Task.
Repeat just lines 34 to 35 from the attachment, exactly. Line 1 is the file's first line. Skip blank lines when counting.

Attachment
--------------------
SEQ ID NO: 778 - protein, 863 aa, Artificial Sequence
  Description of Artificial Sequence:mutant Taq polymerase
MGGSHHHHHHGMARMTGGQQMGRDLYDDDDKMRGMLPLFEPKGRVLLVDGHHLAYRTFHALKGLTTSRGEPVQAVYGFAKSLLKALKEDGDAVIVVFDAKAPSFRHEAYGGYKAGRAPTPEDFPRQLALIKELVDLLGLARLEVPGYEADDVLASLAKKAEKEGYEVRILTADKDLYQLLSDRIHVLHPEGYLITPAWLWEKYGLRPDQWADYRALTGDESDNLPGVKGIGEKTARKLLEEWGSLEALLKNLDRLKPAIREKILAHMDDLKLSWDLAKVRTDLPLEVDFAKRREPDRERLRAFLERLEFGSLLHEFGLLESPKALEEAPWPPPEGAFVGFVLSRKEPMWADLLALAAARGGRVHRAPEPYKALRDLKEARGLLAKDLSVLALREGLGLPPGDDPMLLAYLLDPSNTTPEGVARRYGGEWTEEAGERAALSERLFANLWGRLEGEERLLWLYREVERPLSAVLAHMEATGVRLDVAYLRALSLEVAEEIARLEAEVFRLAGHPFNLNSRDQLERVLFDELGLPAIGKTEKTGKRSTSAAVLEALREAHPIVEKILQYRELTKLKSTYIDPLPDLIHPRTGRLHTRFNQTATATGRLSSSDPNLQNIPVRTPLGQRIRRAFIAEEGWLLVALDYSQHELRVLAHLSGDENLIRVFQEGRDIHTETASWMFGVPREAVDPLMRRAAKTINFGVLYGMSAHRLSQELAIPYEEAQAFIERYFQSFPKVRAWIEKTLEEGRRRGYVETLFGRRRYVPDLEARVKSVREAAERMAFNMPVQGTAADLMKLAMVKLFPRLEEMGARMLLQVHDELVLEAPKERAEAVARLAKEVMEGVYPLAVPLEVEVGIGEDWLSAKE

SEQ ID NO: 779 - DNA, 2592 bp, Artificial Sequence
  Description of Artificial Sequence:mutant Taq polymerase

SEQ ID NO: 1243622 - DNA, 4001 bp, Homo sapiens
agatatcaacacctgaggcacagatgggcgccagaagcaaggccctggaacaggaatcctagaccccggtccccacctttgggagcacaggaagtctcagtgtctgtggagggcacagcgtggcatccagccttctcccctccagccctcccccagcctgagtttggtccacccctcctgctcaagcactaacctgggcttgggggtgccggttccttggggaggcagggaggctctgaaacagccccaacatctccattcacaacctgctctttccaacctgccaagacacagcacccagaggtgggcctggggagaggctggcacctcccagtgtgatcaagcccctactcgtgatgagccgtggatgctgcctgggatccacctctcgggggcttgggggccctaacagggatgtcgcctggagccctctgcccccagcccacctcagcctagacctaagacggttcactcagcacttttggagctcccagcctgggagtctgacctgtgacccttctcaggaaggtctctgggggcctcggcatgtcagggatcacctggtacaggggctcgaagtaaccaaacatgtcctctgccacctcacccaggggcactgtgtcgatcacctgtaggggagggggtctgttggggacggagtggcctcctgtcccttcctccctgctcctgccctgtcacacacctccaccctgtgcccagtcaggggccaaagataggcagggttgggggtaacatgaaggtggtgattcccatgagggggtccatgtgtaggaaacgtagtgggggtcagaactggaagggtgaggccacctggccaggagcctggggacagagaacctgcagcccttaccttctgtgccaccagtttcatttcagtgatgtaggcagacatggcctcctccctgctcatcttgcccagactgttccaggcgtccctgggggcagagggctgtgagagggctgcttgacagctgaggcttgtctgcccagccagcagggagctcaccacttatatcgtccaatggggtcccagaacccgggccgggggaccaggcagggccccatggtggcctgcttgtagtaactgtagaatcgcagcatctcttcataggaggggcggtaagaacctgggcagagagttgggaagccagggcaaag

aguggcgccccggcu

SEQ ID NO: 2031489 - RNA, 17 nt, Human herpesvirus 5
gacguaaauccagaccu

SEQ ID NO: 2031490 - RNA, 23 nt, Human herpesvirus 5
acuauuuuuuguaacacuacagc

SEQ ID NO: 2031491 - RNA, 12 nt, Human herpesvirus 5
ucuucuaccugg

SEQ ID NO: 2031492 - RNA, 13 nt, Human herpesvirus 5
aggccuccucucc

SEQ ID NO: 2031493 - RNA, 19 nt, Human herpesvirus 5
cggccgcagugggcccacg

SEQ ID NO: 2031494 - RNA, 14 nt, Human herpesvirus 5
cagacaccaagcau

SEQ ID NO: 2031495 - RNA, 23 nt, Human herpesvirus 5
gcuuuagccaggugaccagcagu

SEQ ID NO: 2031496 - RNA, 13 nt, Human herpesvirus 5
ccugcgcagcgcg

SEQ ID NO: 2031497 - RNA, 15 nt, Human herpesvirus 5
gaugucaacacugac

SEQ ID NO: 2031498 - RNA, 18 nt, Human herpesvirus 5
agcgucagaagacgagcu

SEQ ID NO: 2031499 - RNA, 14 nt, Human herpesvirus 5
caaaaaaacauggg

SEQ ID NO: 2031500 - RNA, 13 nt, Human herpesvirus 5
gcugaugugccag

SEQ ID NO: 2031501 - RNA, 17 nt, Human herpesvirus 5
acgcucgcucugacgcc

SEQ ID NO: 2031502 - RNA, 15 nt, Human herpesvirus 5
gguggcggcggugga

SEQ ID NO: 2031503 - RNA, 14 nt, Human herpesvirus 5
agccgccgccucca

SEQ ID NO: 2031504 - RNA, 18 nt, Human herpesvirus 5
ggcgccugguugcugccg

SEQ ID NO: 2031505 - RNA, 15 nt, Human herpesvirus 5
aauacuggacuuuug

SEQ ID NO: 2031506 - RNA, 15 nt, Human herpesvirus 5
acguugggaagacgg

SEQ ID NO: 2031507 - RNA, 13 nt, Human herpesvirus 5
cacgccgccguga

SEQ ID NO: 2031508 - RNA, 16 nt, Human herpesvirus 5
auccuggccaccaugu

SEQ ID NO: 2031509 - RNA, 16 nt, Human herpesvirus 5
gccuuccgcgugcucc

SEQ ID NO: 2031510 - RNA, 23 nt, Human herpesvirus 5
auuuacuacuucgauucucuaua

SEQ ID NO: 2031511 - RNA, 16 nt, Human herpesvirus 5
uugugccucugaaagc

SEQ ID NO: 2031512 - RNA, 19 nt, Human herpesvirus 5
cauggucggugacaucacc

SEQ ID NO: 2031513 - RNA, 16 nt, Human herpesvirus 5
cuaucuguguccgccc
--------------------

acgcucgcucugacgcc

SEQ ID NO: 2031502 - RNA, 15 nt, Human herpesvirus 5